I believe it is a good time to think together about holiness.
There are many beautiful lyrics and powerful sermons written by now-fallen Christian leaders who tarnish and discredit our evangelical family. I don’t need to name them here, but some have had connections to Gordon-Conwell or to many of our churches and denominations. They must be held accountable, and we must pray that they confess and seek reconciliation with Christ and the Church.
What has struck me about the many leaders who have fallen are three concerns that relate to theological education.
First, these moral failures are not new. We can see them in the lives of the Patriarchs, of King David and Moses, and we are warned in 1 Peter 5:8 to, “Be alert and of sober mind. Your enemy the devil prowls around like a roaring lion looking for someone to devour.” Our best ancient Christian scholars, bishops, priests, pastors, and writers have also warned us about this over and over again. I read from some of these early Church writers every morning in a collection called the Philokalia. Deeply scriptural on every page, they are so very much aware of the passions, pride (they call it self-esteem), and avarice (greed) that seek to take us away from God. Three great vices.
Much of the early Church writings were about the Christian or spiritual life. This spiritual life is grounded in grace and flourishes in faithfulness. However, it requires attention and spiritual disciplines that help us resist the sirens of the three tempters.
Secondly, I was reminded of how precious and undervalued is the life of humility in community. What I mean by this is that the Christian community that allows for humble confession and mutual support is beautiful and powerful. The temptations that would attempt to pull us down or pull us into their orbit lose their power in humiliation and Christian support. There is no other way. When we admit defeat and the need for grace, we can conquer what would bring us and our churches down. Confession is the normal Christian life.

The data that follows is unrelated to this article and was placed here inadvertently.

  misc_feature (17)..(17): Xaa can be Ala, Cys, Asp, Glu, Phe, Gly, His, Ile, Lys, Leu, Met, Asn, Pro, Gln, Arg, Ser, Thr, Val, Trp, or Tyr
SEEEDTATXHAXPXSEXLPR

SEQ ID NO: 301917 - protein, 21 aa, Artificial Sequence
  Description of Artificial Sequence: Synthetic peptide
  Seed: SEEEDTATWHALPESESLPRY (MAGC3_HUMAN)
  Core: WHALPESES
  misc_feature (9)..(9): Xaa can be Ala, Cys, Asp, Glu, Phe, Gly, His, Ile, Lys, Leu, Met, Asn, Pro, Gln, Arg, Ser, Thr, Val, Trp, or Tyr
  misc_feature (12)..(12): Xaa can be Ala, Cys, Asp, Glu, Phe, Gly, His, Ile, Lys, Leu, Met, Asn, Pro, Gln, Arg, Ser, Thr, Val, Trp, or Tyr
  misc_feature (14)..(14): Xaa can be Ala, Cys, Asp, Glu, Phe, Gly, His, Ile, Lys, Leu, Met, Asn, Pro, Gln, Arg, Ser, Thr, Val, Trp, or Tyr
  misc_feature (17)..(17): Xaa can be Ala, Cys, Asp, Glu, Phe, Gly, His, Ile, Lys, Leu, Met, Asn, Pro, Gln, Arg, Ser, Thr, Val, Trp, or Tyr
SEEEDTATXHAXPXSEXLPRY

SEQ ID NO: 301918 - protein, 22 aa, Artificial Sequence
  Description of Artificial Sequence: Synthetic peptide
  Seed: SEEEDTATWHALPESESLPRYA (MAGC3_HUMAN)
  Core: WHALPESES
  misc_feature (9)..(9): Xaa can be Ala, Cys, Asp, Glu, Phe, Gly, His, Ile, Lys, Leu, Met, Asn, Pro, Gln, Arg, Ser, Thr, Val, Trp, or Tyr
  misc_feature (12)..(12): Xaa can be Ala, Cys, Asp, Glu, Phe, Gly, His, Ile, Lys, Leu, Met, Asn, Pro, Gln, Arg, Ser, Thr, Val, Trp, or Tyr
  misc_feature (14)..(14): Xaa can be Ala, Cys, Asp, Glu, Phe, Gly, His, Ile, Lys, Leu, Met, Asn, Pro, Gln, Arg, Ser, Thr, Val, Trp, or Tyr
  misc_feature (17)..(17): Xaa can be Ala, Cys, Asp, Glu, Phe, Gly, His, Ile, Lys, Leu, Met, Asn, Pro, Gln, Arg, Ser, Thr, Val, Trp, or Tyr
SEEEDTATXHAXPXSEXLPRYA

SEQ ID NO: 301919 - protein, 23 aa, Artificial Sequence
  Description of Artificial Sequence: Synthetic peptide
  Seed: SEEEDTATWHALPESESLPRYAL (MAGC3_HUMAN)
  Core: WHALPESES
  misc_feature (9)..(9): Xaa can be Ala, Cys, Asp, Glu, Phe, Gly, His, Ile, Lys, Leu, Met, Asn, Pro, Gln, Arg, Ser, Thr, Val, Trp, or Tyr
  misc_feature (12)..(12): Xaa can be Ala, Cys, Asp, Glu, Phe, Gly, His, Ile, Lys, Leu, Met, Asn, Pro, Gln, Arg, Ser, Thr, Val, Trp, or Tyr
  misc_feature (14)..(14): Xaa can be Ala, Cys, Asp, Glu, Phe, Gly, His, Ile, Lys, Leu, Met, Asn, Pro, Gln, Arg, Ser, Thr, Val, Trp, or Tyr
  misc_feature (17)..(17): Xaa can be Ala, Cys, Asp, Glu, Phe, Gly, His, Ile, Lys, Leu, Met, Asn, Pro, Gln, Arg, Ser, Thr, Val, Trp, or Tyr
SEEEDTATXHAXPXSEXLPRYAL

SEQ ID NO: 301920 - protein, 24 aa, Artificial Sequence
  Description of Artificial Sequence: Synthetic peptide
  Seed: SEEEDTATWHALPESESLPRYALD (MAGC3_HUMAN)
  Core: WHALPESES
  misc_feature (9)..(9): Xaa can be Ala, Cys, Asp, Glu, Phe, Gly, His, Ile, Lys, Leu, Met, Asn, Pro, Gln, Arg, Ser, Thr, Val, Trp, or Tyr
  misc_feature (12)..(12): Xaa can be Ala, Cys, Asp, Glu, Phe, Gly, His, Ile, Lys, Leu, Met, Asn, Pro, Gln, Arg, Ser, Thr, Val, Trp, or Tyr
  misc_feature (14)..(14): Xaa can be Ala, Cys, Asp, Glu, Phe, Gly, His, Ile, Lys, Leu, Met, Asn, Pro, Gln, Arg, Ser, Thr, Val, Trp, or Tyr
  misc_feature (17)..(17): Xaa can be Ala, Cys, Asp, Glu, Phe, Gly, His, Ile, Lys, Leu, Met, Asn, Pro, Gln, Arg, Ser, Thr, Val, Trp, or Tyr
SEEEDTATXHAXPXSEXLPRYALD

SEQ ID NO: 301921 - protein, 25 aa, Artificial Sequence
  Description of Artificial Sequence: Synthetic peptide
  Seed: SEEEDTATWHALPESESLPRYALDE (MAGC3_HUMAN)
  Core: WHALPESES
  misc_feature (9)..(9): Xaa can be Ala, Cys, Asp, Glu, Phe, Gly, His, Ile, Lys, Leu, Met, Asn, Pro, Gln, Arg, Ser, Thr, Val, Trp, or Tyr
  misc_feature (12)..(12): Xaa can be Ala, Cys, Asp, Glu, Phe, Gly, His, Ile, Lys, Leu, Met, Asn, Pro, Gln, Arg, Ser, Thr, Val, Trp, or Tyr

The third thought that came to me is how we should think about these fallen Christians in regard to seminary education. We need to speak openly about these failures and admit that we need to be more intentional in the discipleship and formation of all of our students. We need to speak more openly and clearly about Christian virtues and the three great vices that would ruin our lives and our ministries. We need to be able to talk about how we resist avarice and materialism when we are constantly bombarded with the sirens of advertising and materialism. How do we control lust and passions (that would include both sex, food, and drink) when our culture teaches the exact opposite: “You are what you desire. Those desires are the real ‘you.’” And probably of greater importance today, we need to say “No” to the temptations of pride, self-importance, and narcissism.
There were two ways of fighting the fight for the good (the good fight) in the early church: alone or in community. Solitary monks were dedicated to victory by fighting the demons alone in the wilderness. But the majority fought the good fight in community, supporting one another and being available when a brother or sister fell. We believe we need one another and that is why on any campus, and even in networked education, we seek to develop humble Christian community.
Holiness is what we seek. Humility is the way. Faithful witness is the result.
Dr. Scott W. Sunquist, President of Gordon-Conwell Theological Seminary, is author of the “Attentiveness” blog. He welcomes comments, responses, and good ideas.